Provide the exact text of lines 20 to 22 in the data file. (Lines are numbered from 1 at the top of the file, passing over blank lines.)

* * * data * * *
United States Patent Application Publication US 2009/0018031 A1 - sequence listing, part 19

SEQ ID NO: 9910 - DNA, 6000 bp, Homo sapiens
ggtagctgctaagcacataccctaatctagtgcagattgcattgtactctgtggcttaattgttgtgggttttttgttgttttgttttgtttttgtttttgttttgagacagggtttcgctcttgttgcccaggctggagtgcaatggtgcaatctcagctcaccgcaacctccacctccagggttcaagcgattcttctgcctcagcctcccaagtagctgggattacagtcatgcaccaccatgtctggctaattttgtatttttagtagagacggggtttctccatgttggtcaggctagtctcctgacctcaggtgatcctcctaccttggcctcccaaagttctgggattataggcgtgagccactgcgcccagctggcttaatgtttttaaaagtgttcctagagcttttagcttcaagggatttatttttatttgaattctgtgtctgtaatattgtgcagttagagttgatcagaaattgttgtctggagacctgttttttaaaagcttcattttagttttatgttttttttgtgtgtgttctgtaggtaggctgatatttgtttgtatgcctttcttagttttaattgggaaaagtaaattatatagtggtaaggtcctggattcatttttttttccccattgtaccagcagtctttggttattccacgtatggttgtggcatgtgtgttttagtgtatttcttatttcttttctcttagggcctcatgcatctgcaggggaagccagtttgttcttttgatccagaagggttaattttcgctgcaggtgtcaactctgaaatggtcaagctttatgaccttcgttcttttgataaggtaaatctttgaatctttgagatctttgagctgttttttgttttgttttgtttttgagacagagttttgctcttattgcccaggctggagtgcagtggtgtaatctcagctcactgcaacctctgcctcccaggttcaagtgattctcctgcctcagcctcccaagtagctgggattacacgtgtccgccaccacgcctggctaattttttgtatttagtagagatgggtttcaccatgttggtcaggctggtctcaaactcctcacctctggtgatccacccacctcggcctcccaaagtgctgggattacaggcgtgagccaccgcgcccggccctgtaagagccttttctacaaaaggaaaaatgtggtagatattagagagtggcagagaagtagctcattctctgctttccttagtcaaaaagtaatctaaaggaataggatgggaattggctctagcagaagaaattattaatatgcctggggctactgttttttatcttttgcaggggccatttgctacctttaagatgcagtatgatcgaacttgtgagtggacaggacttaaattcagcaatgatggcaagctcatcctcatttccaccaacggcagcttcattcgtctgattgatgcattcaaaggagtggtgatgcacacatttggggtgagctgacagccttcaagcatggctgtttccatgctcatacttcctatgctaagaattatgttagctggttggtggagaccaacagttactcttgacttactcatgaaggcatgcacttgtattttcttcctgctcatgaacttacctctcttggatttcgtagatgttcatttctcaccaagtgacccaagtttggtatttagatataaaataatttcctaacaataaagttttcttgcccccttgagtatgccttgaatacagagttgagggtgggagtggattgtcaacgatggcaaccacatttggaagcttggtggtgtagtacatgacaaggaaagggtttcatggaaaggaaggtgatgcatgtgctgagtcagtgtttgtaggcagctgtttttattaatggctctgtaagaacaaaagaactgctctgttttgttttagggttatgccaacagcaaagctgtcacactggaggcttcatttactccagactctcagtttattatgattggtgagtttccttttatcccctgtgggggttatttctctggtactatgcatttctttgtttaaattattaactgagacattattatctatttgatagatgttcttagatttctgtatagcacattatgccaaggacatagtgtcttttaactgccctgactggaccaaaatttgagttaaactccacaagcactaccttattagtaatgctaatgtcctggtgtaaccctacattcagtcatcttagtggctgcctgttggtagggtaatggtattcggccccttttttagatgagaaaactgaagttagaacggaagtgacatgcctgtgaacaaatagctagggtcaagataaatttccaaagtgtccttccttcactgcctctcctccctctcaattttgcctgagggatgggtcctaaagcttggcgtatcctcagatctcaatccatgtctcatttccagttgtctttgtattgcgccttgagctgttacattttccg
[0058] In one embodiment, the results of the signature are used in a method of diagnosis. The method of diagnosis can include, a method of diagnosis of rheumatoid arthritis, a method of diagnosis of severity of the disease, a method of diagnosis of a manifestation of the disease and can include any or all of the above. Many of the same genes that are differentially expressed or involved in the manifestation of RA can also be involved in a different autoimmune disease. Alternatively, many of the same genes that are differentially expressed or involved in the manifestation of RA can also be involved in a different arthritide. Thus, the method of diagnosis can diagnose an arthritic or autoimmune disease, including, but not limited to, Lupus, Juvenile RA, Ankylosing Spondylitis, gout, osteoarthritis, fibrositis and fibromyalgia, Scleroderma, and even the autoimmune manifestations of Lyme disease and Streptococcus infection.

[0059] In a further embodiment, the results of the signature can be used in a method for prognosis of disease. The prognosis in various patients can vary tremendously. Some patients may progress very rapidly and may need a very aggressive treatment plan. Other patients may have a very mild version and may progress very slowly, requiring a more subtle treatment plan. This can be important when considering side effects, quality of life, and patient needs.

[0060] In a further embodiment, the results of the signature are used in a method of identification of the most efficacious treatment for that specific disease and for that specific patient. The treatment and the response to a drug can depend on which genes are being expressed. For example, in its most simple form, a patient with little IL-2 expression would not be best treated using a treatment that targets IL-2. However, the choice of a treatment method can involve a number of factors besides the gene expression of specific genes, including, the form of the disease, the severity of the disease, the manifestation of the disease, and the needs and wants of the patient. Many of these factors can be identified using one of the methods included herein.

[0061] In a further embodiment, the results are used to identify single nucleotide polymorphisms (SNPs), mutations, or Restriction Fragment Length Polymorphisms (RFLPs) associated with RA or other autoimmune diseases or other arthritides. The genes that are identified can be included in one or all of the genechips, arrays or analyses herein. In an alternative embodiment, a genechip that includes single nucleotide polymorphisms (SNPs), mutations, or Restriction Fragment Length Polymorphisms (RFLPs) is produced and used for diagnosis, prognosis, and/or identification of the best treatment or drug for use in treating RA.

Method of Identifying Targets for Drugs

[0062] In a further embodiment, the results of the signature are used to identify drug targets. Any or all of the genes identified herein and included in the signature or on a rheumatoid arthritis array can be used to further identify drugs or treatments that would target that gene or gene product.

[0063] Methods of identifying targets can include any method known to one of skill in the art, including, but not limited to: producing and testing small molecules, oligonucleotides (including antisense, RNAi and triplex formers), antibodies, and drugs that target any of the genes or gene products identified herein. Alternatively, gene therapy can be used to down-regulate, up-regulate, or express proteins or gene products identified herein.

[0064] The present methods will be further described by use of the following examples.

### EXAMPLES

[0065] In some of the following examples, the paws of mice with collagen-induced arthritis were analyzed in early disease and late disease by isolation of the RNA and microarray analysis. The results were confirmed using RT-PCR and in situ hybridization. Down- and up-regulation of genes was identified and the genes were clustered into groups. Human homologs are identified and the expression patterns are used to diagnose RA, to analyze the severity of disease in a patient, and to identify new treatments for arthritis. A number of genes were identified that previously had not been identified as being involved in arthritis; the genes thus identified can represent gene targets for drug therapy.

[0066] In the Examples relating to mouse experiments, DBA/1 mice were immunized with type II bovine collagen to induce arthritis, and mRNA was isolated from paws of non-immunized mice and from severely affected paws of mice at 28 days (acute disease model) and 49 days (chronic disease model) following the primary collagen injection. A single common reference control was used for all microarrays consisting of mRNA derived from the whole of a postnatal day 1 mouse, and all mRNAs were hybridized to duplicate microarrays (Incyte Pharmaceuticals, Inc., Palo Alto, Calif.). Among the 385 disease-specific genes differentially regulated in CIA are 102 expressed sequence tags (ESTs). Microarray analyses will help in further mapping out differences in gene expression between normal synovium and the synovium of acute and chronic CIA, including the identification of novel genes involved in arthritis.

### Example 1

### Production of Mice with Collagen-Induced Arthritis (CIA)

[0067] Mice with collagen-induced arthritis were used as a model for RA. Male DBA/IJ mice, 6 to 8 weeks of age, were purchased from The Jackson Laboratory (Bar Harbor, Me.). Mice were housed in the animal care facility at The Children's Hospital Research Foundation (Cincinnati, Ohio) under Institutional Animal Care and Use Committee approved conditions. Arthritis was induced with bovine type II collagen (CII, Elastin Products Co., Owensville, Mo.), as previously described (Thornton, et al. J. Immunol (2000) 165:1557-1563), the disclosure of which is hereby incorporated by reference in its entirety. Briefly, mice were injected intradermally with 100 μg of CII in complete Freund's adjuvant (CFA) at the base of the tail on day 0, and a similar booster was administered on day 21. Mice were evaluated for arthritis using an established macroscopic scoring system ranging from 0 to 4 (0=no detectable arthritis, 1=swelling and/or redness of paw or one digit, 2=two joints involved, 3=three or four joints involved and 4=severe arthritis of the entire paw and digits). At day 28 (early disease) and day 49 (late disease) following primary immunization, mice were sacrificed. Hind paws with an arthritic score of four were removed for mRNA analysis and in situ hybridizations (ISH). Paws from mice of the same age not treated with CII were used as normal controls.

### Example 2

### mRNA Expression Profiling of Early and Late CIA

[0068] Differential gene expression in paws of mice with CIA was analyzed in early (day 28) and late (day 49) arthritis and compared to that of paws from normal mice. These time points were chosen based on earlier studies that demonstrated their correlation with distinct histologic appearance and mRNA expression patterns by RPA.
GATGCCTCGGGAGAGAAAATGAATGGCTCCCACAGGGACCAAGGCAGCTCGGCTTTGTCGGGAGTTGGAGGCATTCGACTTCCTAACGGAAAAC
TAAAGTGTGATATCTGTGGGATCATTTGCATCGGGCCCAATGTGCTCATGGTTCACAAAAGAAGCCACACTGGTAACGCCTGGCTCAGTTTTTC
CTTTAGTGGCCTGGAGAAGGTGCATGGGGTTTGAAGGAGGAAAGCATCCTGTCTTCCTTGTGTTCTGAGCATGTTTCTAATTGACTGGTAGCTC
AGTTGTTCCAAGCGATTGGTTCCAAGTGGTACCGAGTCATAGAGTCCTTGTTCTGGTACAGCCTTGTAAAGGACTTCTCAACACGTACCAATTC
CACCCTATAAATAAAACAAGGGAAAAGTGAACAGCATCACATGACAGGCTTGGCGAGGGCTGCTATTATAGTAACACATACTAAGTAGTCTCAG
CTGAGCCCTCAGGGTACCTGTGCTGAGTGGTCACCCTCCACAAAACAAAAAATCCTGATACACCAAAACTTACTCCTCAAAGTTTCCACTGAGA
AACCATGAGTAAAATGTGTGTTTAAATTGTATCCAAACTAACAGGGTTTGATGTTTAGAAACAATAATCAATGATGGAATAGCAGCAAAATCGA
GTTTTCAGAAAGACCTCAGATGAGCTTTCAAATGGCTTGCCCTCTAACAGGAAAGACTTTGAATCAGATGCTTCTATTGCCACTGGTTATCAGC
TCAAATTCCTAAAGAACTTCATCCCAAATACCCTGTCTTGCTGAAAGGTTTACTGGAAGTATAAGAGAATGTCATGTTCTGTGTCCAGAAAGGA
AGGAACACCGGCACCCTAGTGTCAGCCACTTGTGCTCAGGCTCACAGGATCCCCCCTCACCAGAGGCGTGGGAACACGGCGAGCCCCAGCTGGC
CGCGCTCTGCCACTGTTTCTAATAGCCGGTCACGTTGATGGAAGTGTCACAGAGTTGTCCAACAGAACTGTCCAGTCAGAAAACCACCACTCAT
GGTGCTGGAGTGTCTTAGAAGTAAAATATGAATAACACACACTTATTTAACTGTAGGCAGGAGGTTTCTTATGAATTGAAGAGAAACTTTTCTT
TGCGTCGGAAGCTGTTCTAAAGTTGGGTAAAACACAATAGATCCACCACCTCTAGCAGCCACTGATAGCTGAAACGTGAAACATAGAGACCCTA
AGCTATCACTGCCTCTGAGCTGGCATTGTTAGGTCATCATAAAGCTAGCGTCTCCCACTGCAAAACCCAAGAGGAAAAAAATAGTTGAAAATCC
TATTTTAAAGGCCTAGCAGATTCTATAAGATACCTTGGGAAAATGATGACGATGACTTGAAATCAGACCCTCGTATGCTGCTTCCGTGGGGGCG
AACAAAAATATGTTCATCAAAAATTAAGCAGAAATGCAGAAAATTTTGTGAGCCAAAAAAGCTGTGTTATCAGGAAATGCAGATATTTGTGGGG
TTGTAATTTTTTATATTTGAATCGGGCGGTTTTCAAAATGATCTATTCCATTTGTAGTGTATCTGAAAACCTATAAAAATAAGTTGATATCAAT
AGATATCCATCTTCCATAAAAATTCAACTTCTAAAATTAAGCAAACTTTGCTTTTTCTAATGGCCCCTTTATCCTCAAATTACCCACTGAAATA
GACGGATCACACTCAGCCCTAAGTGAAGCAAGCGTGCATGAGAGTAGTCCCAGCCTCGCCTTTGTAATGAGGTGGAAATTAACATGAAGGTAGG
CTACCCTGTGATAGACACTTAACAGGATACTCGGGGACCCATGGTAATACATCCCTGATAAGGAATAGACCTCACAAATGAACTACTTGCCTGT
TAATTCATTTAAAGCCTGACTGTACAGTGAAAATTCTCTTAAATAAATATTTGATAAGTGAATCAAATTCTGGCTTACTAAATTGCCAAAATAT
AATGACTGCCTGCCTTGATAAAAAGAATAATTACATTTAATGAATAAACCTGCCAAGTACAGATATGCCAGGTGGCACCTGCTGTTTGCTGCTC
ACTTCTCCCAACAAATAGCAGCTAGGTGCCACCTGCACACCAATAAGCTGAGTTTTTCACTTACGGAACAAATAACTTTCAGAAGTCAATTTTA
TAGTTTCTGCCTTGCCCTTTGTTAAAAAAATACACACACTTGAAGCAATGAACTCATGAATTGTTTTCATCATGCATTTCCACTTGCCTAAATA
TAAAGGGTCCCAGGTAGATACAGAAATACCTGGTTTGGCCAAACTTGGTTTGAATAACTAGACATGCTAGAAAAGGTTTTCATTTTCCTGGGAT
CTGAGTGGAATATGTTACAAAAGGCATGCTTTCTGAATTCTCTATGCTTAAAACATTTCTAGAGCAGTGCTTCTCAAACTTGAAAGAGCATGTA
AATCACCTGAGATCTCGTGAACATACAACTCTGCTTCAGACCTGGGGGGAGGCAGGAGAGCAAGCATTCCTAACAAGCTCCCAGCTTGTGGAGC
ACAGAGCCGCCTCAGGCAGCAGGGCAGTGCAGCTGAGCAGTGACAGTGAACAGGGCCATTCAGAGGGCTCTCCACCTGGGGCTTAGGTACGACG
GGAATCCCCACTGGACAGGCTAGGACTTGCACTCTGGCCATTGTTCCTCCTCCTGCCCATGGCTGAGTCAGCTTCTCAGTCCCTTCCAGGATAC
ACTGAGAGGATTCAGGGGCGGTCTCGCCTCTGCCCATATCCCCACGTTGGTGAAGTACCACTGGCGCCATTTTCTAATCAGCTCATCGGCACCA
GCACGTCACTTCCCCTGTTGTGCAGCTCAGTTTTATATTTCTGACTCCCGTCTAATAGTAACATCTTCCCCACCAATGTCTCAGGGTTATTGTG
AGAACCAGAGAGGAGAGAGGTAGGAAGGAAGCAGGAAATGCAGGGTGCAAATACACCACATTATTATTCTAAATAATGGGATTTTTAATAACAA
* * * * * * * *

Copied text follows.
[0068] Differential gene expression in paws of mice with CIA was analyzed in early (day 28) and late (day 49) arthritis and compared to that of paws from normal mice. These time points were chosen based on earlier studies that demonstrated their correlation with distinct histologic appearance and mRNA expression patterns by RPA.
GATGCCTCGGGAGAGAAAATGAATGGCTCCCACAGGGACCAAGGCAGCTCGGCTTTGTCGGGAGTTGGAGGCATTCGACTTCCTAACGGAAAAC
TAAAGTGTGATATCTGTGGGATCATTTGCATCGGGCCCAATGTGCTCATGGTTCACAAAAGAAGCCACACTGGTAACGCCTGGCTCAGTTTTTC